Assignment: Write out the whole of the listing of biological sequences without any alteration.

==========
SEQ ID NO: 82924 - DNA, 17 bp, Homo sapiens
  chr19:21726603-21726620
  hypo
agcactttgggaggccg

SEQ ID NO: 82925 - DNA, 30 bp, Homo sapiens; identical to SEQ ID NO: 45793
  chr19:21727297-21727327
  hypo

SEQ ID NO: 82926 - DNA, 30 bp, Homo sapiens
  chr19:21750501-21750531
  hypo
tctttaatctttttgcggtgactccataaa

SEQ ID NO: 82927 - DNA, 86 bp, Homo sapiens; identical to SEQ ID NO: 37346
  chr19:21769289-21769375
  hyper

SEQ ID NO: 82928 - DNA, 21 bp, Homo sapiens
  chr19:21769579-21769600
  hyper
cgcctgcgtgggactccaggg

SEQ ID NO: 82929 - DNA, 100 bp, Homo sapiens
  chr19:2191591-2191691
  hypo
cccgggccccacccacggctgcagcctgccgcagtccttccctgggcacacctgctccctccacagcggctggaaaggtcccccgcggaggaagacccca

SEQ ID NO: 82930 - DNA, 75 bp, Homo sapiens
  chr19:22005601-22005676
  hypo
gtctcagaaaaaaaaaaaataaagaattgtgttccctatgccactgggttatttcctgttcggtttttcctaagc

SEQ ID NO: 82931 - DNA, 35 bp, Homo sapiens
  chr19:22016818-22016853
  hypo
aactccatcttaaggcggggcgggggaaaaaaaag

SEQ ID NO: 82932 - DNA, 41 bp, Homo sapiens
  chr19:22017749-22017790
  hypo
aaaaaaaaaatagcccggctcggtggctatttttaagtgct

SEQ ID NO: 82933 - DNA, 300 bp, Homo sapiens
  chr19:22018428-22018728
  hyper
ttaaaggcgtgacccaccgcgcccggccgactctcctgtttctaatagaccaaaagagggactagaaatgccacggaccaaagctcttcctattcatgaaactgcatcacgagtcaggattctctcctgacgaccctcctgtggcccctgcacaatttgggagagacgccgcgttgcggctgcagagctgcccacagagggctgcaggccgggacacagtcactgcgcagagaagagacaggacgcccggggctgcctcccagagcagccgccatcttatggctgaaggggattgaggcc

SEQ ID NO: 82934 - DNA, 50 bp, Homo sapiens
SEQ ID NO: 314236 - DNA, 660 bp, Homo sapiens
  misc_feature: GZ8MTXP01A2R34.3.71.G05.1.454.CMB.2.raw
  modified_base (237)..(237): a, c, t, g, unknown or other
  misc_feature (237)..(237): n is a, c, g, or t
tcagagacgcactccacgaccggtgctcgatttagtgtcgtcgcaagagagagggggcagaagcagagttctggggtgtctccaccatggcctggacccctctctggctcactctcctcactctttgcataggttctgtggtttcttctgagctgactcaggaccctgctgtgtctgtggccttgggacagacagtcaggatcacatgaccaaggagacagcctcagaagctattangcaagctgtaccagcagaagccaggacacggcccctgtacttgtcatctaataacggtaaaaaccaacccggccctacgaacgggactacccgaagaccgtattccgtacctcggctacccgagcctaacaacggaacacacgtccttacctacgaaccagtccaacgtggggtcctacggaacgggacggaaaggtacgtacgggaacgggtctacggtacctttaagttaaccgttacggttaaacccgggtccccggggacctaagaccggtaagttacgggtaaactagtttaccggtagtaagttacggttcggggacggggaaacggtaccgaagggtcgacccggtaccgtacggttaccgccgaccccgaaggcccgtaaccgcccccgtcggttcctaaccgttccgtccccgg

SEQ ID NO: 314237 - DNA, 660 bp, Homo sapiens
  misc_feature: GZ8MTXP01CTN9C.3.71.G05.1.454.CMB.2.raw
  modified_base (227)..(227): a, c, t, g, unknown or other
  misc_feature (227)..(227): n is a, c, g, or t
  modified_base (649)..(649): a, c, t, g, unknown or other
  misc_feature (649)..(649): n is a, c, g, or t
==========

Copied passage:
SEQ ID NO: 82924 - DNA, 17 bp, Homo sapiens
  chr19:21726603-21726620
  hypo
agcactttgggaggccg

SEQ ID NO: 82925 - DNA, 30 bp, Homo sapiens; identical to SEQ ID NO: 45793
  chr19:21727297-21727327
  hypo

SEQ ID NO: 82926 - DNA, 30 bp, Homo sapiens
  chr19:21750501-21750531
  hypo
tctttaatctttttgcggtgactccataaa

SEQ ID NO: 82927 - DNA, 86 bp, Homo sapiens; identical to SEQ ID NO: 37346
  chr19:21769289-21769375
  hyper

SEQ ID NO: 82928 - DNA, 21 bp, Homo sapiens
  chr19:21769579-21769600
  hyper
cgcctgcgtgggactccaggg

SEQ ID NO: 82929 - DNA, 100 bp, Homo sapiens
  chr19:2191591-2191691
  hypo
cccgggccccacccacggctgcagcctgccgcagtccttccctgggcacacctgctccctccacagcggctggaaaggtcccccgcggaggaagacccca

SEQ ID NO: 82930 - DNA, 75 bp, Homo sapiens
  chr19:22005601-22005676
  hypo
gtctcagaaaaaaaaaaaataaagaattgtgttccctatgccactgggttatttcctgttcggtttttcctaagc

SEQ ID NO: 82931 - DNA, 35 bp, Homo sapiens
  chr19:22016818-22016853
  hypo
aactccatcttaaggcggggcgggggaaaaaaaag

SEQ ID NO: 82932 - DNA, 41 bp, Homo sapiens
  chr19:22017749-22017790
  hypo
aaaaaaaaaatagcccggctcggtggctatttttaagtgct

SEQ ID NO: 82933 - DNA, 300 bp, Homo sapiens
  chr19:22018428-22018728
  hyper
ttaaaggcgtgacccaccgcgcccggccgactctcctgtttctaatagaccaaaagagggactagaaatgccacggaccaaagctcttcctattcatgaaactgcatcacgagtcaggattctctcctgacgaccctcctgtggcccctgcacaatttgggagagacgccgcgttgcggctgcagagctgcccacagagggctgcaggccgggacacagtcactgcgcagagaagagacaggacgcccggggctgcctcccagagcagccgccatcttatggctgaaggggattgaggcc

SEQ ID NO: 82934 - DNA, 50 bp, Homo sapiens
SEQ ID NO: 314236 - DNA, 660 bp, Homo sapiens
  misc_feature: GZ8MTXP01A2R34.3.71.G05.1.454.CMB.2.raw
  modified_base (237)..(237): a, c, t, g, unknown or other
  misc_feature (237)..(237): n is a, c, g, or t
tcagagacgcactccacgaccggtgctcgatttagtgtcgtcgcaagagagagggggcagaagcagagttctggggtgtctccaccatggcctggacccctctctggctcactctcctcactctttgcataggttctgtggtttcttctgagctgactcaggaccctgctgtgtctgtggccttgggacagacagtcaggatcacatgaccaaggagacagcctcagaagctattangcaagctgtaccagcagaagccaggacacggcccctgtacttgtcatctaataacggtaaaaaccaacccggccctacgaacgggactacccgaagaccgtattccgtacctcggctacccgagcctaacaacggaacacacgtccttacctacgaaccagtccaacgtggggtcctacggaacgggacggaaaggtacgtacgggaacgggtctacggtacctttaagttaaccgttacggttaaacccgggtccccggggacctaagaccggtaagttacgggtaaactagtttaccggtagtaagttacggttcggggacggggaaacggtaccgaagggtcgacccggtaccgtacggttaccgccgaccccgaaggcccgtaaccgcccccgtcggttcctaaccgttccgtccccgg

SEQ ID NO: 314237 - DNA, 660 bp, Homo sapiens
  misc_feature: GZ8MTXP01CTN9C.3.71.G05.1.454.CMB.2.raw
  modified_base (227)..(227): a, c, t, g, unknown or other
  misc_feature (227)..(227): n is a, c, g, or t
  modified_base (649)..(649): a, c, t, g, unknown or other
  misc_feature (649)..(649): n is a, c, g, or t